The Mars rover Curiosity found significant traces of water in the martian soil. This indicates the soil contains water, about 2% by weight.
NASA is looking for a new mission for the damaged Kepler space telescope. Here are some ideas.
Another day, another fight over the future of America’s space agency. The House and the Senate can’t agree about asteroid retrieval, science funding, and much else.
Barclay et al. find a “candidate” planet smaller than Mercury in the Kepler data…will it pass their tests and be confirmed as the smallest known planet?
Decadal surveys are the Bibles of space science policy. How are they prepared? How influential are they?
A pair of Colombian scientists has made the first attempt to figure out the meteoroid that exploded over Russia last month.
Does NASA have a strategic direction that guides its priorities and activities? Not a coherent one, according to a critical new report from the National Research Council.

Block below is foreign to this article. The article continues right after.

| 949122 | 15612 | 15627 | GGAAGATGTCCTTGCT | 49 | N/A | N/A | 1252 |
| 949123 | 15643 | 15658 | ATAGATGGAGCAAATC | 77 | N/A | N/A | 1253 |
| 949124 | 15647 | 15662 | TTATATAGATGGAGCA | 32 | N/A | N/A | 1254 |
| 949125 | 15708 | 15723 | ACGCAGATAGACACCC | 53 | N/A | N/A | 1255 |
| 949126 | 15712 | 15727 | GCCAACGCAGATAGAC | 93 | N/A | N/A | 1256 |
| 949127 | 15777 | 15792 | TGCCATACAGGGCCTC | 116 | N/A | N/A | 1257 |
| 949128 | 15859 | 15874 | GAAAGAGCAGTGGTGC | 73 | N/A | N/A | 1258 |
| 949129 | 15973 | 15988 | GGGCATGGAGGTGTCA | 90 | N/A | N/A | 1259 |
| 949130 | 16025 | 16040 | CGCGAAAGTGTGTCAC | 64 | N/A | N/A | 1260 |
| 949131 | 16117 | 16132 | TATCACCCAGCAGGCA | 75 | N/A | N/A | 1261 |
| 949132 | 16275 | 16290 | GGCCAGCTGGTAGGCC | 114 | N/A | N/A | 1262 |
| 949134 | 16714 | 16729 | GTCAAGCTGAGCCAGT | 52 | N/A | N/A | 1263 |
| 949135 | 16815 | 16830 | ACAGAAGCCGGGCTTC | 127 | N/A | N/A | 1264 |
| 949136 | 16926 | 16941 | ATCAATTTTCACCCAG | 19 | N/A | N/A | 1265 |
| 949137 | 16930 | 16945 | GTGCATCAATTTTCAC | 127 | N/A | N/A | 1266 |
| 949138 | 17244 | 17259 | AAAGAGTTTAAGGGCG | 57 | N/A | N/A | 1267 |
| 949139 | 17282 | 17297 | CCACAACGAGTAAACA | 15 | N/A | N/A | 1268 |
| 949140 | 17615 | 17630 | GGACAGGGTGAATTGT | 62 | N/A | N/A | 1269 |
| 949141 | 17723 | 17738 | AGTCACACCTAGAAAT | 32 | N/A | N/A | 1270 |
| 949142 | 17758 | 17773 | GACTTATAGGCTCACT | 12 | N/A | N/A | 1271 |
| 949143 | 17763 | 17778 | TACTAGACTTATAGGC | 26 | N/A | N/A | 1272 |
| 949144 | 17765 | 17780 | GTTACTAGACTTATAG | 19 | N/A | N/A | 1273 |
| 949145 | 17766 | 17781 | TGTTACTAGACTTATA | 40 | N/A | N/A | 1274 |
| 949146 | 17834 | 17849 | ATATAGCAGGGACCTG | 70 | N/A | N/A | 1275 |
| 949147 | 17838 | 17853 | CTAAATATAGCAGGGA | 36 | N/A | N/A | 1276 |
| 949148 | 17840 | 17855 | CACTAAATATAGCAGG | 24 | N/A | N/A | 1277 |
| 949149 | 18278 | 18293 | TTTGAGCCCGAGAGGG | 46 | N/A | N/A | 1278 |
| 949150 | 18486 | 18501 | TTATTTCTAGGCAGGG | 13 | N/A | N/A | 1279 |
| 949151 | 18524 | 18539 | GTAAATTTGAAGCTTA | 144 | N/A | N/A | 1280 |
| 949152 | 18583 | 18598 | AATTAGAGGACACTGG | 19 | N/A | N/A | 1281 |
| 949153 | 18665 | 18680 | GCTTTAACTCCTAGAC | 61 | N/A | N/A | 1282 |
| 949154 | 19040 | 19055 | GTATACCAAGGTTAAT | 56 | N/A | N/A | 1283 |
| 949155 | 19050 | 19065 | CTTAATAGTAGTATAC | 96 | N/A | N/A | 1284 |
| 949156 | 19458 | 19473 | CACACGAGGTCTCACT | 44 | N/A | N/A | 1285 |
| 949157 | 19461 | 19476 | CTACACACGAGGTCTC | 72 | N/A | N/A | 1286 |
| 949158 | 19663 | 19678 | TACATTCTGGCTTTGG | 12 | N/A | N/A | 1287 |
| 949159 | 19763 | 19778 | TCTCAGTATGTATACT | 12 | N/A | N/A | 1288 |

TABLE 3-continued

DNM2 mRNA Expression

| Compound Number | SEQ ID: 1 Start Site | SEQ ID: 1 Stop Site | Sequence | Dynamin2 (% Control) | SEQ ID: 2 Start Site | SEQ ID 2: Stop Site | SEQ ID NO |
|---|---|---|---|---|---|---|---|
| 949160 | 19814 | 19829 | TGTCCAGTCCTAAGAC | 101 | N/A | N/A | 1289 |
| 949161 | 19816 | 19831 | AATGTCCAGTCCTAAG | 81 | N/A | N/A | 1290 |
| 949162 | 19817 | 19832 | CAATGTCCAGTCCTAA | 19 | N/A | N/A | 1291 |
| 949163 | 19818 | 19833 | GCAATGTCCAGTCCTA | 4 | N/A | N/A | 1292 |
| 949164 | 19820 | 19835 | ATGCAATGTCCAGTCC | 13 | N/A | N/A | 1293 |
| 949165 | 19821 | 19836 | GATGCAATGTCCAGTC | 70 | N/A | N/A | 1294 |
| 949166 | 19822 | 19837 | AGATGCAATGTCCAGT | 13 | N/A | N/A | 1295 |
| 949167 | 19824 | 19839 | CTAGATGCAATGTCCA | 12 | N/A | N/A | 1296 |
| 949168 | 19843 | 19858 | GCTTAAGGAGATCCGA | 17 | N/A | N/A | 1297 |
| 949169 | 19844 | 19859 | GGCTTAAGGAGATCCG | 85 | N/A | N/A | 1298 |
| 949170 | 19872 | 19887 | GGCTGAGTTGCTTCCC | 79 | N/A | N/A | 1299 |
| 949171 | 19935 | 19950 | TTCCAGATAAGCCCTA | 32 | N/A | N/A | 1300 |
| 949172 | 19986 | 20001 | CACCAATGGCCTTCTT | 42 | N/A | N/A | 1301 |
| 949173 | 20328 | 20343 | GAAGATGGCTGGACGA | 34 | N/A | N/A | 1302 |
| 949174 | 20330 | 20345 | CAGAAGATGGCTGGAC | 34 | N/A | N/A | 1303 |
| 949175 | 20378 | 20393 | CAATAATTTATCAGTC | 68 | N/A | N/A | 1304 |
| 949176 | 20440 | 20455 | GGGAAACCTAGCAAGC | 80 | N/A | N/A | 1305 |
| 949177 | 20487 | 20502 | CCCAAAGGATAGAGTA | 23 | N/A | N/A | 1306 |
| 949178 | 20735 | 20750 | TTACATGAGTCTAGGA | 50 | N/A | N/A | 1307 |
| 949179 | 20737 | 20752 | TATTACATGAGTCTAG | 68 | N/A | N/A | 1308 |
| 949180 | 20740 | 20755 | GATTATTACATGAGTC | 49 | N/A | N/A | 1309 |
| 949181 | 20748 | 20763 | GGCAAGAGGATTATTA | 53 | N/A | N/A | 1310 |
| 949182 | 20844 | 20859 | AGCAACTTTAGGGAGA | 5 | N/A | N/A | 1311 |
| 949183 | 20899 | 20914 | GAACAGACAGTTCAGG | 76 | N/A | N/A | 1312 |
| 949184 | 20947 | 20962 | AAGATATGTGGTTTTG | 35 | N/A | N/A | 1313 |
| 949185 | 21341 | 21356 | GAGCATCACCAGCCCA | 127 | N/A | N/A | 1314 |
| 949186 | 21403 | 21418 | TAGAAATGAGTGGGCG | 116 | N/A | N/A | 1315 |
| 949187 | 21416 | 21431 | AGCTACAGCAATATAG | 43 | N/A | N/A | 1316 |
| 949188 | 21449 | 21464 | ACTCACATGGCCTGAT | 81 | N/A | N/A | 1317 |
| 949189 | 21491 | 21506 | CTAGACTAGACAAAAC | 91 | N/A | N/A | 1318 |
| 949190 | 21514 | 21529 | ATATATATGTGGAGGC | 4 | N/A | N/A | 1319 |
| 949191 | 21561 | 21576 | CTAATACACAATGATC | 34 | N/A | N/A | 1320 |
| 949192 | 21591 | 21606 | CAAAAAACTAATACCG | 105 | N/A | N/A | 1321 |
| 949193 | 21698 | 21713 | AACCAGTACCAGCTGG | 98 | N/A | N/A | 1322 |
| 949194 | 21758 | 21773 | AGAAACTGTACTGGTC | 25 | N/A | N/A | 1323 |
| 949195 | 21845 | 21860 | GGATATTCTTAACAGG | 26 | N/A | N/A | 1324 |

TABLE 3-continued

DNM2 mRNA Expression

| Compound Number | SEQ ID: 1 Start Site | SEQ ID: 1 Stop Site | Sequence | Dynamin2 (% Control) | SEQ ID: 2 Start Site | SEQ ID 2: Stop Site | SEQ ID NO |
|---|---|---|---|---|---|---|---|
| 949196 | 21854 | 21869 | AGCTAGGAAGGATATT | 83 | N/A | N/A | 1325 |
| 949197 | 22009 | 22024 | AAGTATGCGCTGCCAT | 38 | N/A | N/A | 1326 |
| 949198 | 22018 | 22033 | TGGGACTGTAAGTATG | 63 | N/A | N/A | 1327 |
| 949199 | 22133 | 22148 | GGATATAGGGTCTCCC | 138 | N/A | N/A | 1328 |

With the addition of these 87 new T dwarfs, WISE has now tripled the number of known T dwarfs with spectral type later than T5.
In our austerity-hungry political environment, you need to navigate the complicated and volatile landscape of science policy if you want to explore the universe. You need answers to some simple questions: Who supports science? Why?
It’s March 2, 1979. Two years ago, the Voyager spacecraft were launched on trajectories that will allow them to carry out their primary missions: the study of the outer Solar System, in particular Jupiter and Saturn. It’s just three days before Voyager 1′s closest approach to Jupiter. The paper that was published on March 2nd, 1979 in Science is a prediction for what the Voyager spacecraft might see on Io based on the orbital motions of these three satellites.